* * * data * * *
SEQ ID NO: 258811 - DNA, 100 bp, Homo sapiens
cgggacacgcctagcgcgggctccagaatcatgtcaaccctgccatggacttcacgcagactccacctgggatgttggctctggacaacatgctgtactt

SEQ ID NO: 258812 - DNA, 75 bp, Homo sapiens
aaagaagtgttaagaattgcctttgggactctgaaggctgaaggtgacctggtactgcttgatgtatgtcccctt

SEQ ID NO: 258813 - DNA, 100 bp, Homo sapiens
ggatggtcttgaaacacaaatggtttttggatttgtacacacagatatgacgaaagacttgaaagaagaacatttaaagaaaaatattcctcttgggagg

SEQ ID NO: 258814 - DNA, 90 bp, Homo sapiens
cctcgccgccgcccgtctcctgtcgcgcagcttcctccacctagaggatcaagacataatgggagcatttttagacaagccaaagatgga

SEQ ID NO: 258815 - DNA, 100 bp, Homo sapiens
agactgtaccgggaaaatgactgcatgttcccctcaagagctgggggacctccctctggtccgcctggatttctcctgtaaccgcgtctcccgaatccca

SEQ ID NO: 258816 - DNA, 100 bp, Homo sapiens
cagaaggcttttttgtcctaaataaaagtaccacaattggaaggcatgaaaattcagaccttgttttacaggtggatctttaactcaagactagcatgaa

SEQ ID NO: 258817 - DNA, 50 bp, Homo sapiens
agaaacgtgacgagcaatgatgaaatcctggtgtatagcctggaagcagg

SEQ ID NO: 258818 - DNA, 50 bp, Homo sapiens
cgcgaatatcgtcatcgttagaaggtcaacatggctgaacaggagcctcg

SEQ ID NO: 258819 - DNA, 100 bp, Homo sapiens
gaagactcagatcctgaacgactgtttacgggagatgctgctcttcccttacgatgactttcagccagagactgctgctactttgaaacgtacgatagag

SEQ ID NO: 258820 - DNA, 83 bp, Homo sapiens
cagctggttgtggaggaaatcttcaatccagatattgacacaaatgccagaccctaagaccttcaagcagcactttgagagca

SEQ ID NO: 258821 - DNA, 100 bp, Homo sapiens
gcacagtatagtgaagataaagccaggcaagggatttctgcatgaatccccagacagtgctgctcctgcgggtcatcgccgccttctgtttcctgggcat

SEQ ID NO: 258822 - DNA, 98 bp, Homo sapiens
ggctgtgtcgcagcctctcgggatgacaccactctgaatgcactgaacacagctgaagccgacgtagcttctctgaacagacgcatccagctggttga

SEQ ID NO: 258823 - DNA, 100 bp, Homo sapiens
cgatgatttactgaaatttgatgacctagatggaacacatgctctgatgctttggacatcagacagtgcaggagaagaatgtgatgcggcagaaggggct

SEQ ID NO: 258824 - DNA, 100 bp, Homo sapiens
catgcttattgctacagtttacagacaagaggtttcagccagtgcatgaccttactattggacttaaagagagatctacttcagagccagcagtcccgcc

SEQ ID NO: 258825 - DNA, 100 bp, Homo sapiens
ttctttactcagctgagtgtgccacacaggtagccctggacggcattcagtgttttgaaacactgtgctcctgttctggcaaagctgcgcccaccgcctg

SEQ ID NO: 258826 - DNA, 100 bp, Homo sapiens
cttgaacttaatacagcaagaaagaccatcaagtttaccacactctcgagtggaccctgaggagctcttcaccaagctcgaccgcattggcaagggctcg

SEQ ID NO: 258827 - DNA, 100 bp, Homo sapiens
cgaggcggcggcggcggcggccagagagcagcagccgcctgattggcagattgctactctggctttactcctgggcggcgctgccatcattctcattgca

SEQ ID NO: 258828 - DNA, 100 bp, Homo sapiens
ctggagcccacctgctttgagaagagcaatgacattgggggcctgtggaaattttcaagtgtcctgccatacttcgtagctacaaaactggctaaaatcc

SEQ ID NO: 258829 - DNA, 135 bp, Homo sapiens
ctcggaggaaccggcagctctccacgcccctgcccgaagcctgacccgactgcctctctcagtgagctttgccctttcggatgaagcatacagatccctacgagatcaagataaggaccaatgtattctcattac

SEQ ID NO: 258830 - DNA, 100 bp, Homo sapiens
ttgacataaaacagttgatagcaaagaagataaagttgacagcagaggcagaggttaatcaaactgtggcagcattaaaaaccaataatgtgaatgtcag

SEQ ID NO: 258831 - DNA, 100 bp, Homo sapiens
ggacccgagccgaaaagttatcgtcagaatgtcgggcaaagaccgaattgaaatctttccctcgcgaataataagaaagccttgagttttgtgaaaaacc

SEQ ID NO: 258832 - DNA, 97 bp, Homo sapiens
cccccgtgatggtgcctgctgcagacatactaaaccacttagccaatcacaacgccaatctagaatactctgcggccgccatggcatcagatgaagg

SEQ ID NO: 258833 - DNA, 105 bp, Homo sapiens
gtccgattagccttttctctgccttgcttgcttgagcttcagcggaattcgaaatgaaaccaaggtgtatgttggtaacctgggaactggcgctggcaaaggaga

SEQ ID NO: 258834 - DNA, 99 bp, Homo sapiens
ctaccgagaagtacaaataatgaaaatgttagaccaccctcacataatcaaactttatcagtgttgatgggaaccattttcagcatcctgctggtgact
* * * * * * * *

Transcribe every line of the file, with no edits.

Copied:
SEQ ID NO: 258811 - DNA, 100 bp, Homo sapiens
cgggacacgcctagcgcgggctccagaatcatgtcaaccctgccatggacttcacgcagactccacctgggatgttggctctggacaacatgctgtactt

SEQ ID NO: 258812 - DNA, 75 bp, Homo sapiens
aaagaagtgttaagaattgcctttgggactctgaaggctgaaggtgacctggtactgcttgatgtatgtcccctt

SEQ ID NO: 258813 - DNA, 100 bp, Homo sapiens
ggatggtcttgaaacacaaatggtttttggatttgtacacacagatatgacgaaagacttgaaagaagaacatttaaagaaaaatattcctcttgggagg

SEQ ID NO: 258814 - DNA, 90 bp, Homo sapiens
cctcgccgccgcccgtctcctgtcgcgcagcttcctccacctagaggatcaagacataatgggagcatttttagacaagccaaagatgga

SEQ ID NO: 258815 - DNA, 100 bp, Homo sapiens
agactgtaccgggaaaatgactgcatgttcccctcaagagctgggggacctccctctggtccgcctggatttctcctgtaaccgcgtctcccgaatccca

SEQ ID NO: 258816 - DNA, 100 bp, Homo sapiens
cagaaggcttttttgtcctaaataaaagtaccacaattggaaggcatgaaaattcagaccttgttttacaggtggatctttaactcaagactagcatgaa

SEQ ID NO: 258817 - DNA, 50 bp, Homo sapiens
agaaacgtgacgagcaatgatgaaatcctggtgtatagcctggaagcagg

SEQ ID NO: 258818 - DNA, 50 bp, Homo sapiens
cgcgaatatcgtcatcgttagaaggtcaacatggctgaacaggagcctcg

SEQ ID NO: 258819 - DNA, 100 bp, Homo sapiens
gaagactcagatcctgaacgactgtttacgggagatgctgctcttcccttacgatgactttcagccagagactgctgctactttgaaacgtacgatagag

SEQ ID NO: 258820 - DNA, 83 bp, Homo sapiens
cagctggttgtggaggaaatcttcaatccagatattgacacaaatgccagaccctaagaccttcaagcagcactttgagagca

SEQ ID NO: 258821 - DNA, 100 bp, Homo sapiens
gcacagtatagtgaagataaagccaggcaagggatttctgcatgaatccccagacagtgctgctcctgcgggtcatcgccgccttctgtttcctgggcat

SEQ ID NO: 258822 - DNA, 98 bp, Homo sapiens
ggctgtgtcgcagcctctcgggatgacaccactctgaatgcactgaacacagctgaagccgacgtagcttctctgaacagacgcatccagctggttga

SEQ ID NO: 258823 - DNA, 100 bp, Homo sapiens
cgatgatttactgaaatttgatgacctagatggaacacatgctctgatgctttggacatcagacagtgcaggagaagaatgtgatgcggcagaaggggct

SEQ ID NO: 258824 - DNA, 100 bp, Homo sapiens
catgcttattgctacagtttacagacaagaggtttcagccagtgcatgaccttactattggacttaaagagagatctacttcagagccagcagtcccgcc

SEQ ID NO: 258825 - DNA, 100 bp, Homo sapiens
ttctttactcagctgagtgtgccacacaggtagccctggacggcattcagtgttttgaaacactgtgctcctgttctggcaaagctgcgcccaccgcctg

SEQ ID NO: 258826 - DNA, 100 bp, Homo sapiens
cttgaacttaatacagcaagaaagaccatcaagtttaccacactctcgagtggaccctgaggagctcttcaccaagctcgaccgcattggcaagggctcg

SEQ ID NO: 258827 - DNA, 100 bp, Homo sapiens
cgaggcggcggcggcggcggccagagagcagcagccgcctgattggcagattgctactctggctttactcctgggcggcgctgccatcattctcattgca

SEQ ID NO: 258828 - DNA, 100 bp, Homo sapiens
ctggagcccacctgctttgagaagagcaatgacattgggggcctgtggaaattttcaagtgtcctgccatacttcgtagctacaaaactggctaaaatcc

SEQ ID NO: 258829 - DNA, 135 bp, Homo sapiens
ctcggaggaaccggcagctctccacgcccctgcccgaagcctgacccgactgcctctctcagtgagctttgccctttcggatgaagcatacagatccctacgagatcaagataaggaccaatgtattctcattac

SEQ ID NO: 258830 - DNA, 100 bp, Homo sapiens
ttgacataaaacagttgatagcaaagaagataaagttgacagcagaggcagaggttaatcaaactgtggcagcattaaaaaccaataatgtgaatgtcag

SEQ ID NO: 258831 - DNA, 100 bp, Homo sapiens
ggacccgagccgaaaagttatcgtcagaatgtcgggcaaagaccgaattgaaatctttccctcgcgaataataagaaagccttgagttttgtgaaaaacc

SEQ ID NO: 258832 - DNA, 97 bp, Homo sapiens
cccccgtgatggtgcctgctgcagacatactaaaccacttagccaatcacaacgccaatctagaatactctgcggccgccatggcatcagatgaagg

SEQ ID NO: 258833 - DNA, 105 bp, Homo sapiens
gtccgattagccttttctctgccttgcttgcttgagcttcagcggaattcgaaatgaaaccaaggtgtatgttggtaacctgggaactggcgctggcaaaggaga

SEQ ID NO: 258834 - DNA, 99 bp, Homo sapiens
ctaccgagaagtacaaataatgaaaatgttagaccaccctcacataatcaaactttatcagtgttgatgggaaccattttcagcatcctgctggtgact